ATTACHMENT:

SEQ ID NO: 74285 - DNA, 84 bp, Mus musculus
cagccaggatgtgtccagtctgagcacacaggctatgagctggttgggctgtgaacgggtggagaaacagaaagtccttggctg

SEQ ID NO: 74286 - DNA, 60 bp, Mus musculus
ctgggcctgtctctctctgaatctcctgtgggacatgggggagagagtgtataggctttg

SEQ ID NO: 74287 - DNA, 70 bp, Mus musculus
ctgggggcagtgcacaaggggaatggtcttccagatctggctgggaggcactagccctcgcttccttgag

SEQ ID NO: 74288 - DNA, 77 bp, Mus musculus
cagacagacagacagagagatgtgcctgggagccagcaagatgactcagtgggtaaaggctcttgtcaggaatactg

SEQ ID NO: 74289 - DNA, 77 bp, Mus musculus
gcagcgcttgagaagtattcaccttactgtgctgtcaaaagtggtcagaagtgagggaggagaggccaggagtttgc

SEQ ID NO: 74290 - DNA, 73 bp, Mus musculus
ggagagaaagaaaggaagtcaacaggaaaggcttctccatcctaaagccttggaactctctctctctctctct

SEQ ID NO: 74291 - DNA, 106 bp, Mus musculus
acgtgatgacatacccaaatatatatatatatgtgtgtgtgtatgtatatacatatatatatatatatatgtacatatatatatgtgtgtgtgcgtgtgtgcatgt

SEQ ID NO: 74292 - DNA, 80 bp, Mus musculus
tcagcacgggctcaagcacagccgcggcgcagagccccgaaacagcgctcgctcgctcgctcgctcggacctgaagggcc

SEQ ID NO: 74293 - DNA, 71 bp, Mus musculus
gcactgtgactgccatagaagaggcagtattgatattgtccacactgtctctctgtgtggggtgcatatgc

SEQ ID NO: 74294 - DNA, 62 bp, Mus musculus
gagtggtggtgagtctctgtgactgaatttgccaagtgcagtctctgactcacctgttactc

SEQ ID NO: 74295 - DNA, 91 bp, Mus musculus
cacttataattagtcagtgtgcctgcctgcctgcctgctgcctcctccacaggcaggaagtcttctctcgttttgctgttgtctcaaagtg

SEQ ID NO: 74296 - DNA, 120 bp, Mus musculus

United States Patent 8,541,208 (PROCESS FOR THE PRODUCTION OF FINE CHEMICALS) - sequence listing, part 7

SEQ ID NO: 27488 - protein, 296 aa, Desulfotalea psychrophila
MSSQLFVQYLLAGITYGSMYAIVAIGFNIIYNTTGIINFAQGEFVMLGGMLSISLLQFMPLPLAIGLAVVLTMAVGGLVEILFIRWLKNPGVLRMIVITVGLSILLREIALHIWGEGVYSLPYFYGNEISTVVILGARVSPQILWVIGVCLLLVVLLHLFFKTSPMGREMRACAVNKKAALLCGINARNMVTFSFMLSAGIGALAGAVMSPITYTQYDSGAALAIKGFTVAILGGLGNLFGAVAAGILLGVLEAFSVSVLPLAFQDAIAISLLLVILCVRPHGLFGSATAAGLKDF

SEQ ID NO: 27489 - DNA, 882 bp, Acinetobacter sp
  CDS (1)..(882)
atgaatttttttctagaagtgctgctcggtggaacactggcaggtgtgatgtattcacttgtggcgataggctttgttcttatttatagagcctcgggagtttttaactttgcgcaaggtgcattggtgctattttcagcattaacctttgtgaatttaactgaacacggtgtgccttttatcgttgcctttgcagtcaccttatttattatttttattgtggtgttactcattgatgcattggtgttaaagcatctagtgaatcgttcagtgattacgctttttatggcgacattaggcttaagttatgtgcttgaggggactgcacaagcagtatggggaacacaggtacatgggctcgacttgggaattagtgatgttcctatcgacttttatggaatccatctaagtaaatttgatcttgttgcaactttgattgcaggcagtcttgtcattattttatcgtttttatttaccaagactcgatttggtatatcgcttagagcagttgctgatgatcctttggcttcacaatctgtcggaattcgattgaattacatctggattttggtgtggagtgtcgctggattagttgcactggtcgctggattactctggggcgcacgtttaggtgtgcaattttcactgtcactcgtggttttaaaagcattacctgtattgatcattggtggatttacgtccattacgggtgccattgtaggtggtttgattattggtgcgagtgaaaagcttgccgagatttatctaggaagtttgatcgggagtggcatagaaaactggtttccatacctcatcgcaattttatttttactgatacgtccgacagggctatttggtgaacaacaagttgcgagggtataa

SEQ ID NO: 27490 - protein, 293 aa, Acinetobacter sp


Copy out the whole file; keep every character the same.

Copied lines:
SEQ ID NO: 74285 - DNA, 84 bp, Mus musculus
cagccaggatgtgtccagtctgagcacacaggctatgagctggttgggctgtgaacgggtggagaaacagaaagtccttggctg

SEQ ID NO: 74286 - DNA, 60 bp, Mus musculus
ctgggcctgtctctctctgaatctcctgtgggacatgggggagagagtgtataggctttg

SEQ ID NO: 74287 - DNA, 70 bp, Mus musculus
ctgggggcagtgcacaaggggaatggtcttccagatctggctgggaggcactagccctcgcttccttgag

SEQ ID NO: 74288 - DNA, 77 bp, Mus musculus
cagacagacagacagagagatgtgcctgggagccagcaagatgactcagtgggtaaaggctcttgtcaggaatactg

SEQ ID NO: 74289 - DNA, 77 bp, Mus musculus
gcagcgcttgagaagtattcaccttactgtgctgtcaaaagtggtcagaagtgagggaggagaggccaggagtttgc

SEQ ID NO: 74290 - DNA, 73 bp, Mus musculus
ggagagaaagaaaggaagtcaacaggaaaggcttctccatcctaaagccttggaactctctctctctctctct

SEQ ID NO: 74291 - DNA, 106 bp, Mus musculus
acgtgatgacatacccaaatatatatatatatgtgtgtgtgtatgtatatacatatatatatatatatatgtacatatatatatgtgtgtgtgcgtgtgtgcatgt

SEQ ID NO: 74292 - DNA, 80 bp, Mus musculus
tcagcacgggctcaagcacagccgcggcgcagagccccgaaacagcgctcgctcgctcgctcgctcggacctgaagggcc

SEQ ID NO: 74293 - DNA, 71 bp, Mus musculus
gcactgtgactgccatagaagaggcagtattgatattgtccacactgtctctctgtgtggggtgcatatgc

SEQ ID NO: 74294 - DNA, 62 bp, Mus musculus
gagtggtggtgagtctctgtgactgaatttgccaagtgcagtctctgactcacctgttactc

SEQ ID NO: 74295 - DNA, 91 bp, Mus musculus
cacttataattagtcagtgtgcctgcctgcctgcctgctgcctcctccacaggcaggaagtcttctctcgttttgctgttgtctcaaagtg

SEQ ID NO: 74296 - DNA, 120 bp, Mus musculus

United States Patent 8,541,208 (PROCESS FOR THE PRODUCTION OF FINE CHEMICALS) - sequence listing, part 7

SEQ ID NO: 27488 - protein, 296 aa, Desulfotalea psychrophila
MSSQLFVQYLLAGITYGSMYAIVAIGFNIIYNTTGIINFAQGEFVMLGGMLSISLLQFMPLPLAIGLAVVLTMAVGGLVEILFIRWLKNPGVLRMIVITVGLSILLREIALHIWGEGVYSLPYFYGNEISTVVILGARVSPQILWVIGVCLLLVVLLHLFFKTSPMGREMRACAVNKKAALLCGINARNMVTFSFMLSAGIGALAGAVMSPITYTQYDSGAALAIKGFTVAILGGLGNLFGAVAAGILLGVLEAFSVSVLPLAFQDAIAISLLLVILCVRPHGLFGSATAAGLKDF

SEQ ID NO: 27489 - DNA, 882 bp, Acinetobacter sp
  CDS (1)..(882)
atgaatttttttctagaagtgctgctcggtggaacactggcaggtgtgatgtattcacttgtggcgataggctttgttcttatttatagagcctcgggagtttttaactttgcgcaaggtgcattggtgctattttcagcattaacctttgtgaatttaactgaacacggtgtgccttttatcgttgcctttgcagtcaccttatttattatttttattgtggtgttactcattgatgcattggtgttaaagcatctagtgaatcgttcagtgattacgctttttatggcgacattaggcttaagttatgtgcttgaggggactgcacaagcagtatggggaacacaggtacatgggctcgacttgggaattagtgatgttcctatcgacttttatggaatccatctaagtaaatttgatcttgttgcaactttgattgcaggcagtcttgtcattattttatcgtttttatttaccaagactcgatttggtatatcgcttagagcagttgctgatgatcctttggcttcacaatctgtcggaattcgattgaattacatctggattttggtgtggagtgtcgctggattagttgcactggtcgctggattactctggggcgcacgtttaggtgtgcaattttcactgtcactcgtggttttaaaagcattacctgtattgatcattggtggatttacgtccattacgggtgccattgtaggtggtttgattattggtgcgagtgaaaagcttgccgagatttatctaggaagtttgatcgggagtggcatagaaaactggtttccatacctcatcgcaattttatttttactgatacgtccgacagggctatttggtgaacaacaagttgcgagggtataa

SEQ ID NO: 27490 - protein, 293 aa, Acinetobacter sp